I've begun a new thread on this matter because I believe I had gone about phrasing my question in a convoluted manner in my previous related thread.
I believe this question warrants a distinct and succinct answer; I feel I only have myself to blame for not asking the right question.
This thread does justice to a question put forth online several times and, as far as I can tell, is only answered in part. What I'm finding online is summarized below and as one can see... there is something missing.
To reiterate, I'd been thinking about the terms relation, function and operation as in their primary similarities and differences.
For instance, a function is always a relation, but a relation is not necessarily a function. A relation is not necessarily a function because a relation,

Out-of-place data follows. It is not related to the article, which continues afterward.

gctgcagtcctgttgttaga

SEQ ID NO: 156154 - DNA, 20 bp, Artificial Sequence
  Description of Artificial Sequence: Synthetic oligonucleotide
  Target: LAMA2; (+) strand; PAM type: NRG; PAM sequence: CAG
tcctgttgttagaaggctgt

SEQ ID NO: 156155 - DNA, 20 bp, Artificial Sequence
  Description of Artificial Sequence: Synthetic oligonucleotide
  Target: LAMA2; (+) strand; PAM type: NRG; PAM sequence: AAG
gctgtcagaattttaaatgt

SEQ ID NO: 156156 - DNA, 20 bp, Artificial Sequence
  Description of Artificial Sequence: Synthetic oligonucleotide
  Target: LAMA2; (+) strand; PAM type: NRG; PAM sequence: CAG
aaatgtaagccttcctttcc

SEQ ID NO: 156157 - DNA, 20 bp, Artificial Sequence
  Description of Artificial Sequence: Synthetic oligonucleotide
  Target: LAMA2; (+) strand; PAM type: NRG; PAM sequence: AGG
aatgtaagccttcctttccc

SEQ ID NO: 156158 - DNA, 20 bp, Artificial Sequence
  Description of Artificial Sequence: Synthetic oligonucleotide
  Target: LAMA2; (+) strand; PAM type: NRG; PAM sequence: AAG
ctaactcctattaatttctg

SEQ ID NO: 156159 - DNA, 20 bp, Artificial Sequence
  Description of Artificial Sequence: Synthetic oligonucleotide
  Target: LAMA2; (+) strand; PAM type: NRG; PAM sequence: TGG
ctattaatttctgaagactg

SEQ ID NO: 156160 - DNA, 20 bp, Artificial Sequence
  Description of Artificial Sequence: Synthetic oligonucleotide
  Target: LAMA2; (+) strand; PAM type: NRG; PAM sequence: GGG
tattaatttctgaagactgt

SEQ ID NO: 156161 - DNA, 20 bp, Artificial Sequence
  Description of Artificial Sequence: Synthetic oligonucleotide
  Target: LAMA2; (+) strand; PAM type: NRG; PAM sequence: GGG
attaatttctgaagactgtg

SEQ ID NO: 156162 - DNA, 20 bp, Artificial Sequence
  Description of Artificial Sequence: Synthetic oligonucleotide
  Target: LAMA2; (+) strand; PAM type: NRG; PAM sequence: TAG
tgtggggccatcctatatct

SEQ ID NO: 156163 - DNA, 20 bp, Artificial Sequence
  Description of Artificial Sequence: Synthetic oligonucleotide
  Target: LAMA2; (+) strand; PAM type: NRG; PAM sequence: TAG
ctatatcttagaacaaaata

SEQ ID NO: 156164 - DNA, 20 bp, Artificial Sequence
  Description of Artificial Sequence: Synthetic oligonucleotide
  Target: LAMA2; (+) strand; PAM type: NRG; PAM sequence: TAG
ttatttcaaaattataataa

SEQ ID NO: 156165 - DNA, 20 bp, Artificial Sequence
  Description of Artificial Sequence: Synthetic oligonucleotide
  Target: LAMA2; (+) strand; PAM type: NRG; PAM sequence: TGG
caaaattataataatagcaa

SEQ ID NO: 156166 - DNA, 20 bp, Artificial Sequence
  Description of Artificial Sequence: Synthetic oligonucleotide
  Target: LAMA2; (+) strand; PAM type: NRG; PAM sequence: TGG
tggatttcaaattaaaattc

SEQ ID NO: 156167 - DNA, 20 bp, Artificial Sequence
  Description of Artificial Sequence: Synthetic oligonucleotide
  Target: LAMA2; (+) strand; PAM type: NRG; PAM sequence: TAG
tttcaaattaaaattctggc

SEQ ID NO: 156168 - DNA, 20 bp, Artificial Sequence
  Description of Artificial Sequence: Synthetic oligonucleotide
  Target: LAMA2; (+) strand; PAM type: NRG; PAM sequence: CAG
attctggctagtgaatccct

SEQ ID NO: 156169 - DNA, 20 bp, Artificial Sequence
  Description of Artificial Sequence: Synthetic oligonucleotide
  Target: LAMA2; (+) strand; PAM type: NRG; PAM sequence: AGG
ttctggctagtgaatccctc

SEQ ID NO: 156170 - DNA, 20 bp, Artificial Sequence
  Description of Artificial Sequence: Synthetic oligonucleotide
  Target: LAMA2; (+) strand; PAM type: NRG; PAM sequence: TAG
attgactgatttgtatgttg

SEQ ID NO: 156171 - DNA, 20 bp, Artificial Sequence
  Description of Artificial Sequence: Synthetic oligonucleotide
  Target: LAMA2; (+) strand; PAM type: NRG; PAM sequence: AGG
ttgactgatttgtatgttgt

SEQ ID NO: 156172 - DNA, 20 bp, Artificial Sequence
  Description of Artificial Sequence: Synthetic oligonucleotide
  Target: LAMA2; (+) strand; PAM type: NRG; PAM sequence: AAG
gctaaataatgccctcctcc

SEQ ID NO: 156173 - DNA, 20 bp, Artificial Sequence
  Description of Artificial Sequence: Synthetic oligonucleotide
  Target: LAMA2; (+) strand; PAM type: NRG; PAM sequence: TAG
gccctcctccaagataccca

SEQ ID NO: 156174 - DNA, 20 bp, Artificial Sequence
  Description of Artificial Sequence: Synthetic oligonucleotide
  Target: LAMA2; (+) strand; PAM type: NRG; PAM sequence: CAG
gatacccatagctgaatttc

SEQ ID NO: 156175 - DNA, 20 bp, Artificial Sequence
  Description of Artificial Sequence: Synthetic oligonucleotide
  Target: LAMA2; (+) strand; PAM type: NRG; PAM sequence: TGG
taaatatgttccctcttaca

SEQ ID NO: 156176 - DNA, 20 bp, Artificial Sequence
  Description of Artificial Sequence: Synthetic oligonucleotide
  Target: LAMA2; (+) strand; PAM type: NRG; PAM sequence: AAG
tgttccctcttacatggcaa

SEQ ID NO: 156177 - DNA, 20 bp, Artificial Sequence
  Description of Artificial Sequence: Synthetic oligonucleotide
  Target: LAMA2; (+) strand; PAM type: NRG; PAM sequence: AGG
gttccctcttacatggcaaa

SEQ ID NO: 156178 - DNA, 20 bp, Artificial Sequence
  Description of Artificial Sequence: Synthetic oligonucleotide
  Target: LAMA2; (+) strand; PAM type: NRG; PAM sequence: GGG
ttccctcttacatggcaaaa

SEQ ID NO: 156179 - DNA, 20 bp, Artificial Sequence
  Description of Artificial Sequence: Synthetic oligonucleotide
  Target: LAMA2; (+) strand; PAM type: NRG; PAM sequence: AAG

unlike a function, may involve more than one output.
In the same vein it can also be said that an operation is always a function, but a function is not necessarily an operation. A function is not necessarily an operation because a function,
unlike an operation, ______________________________.
When is an operation not a function?
Last edited by knightstar (2014-04-12 03:06:34)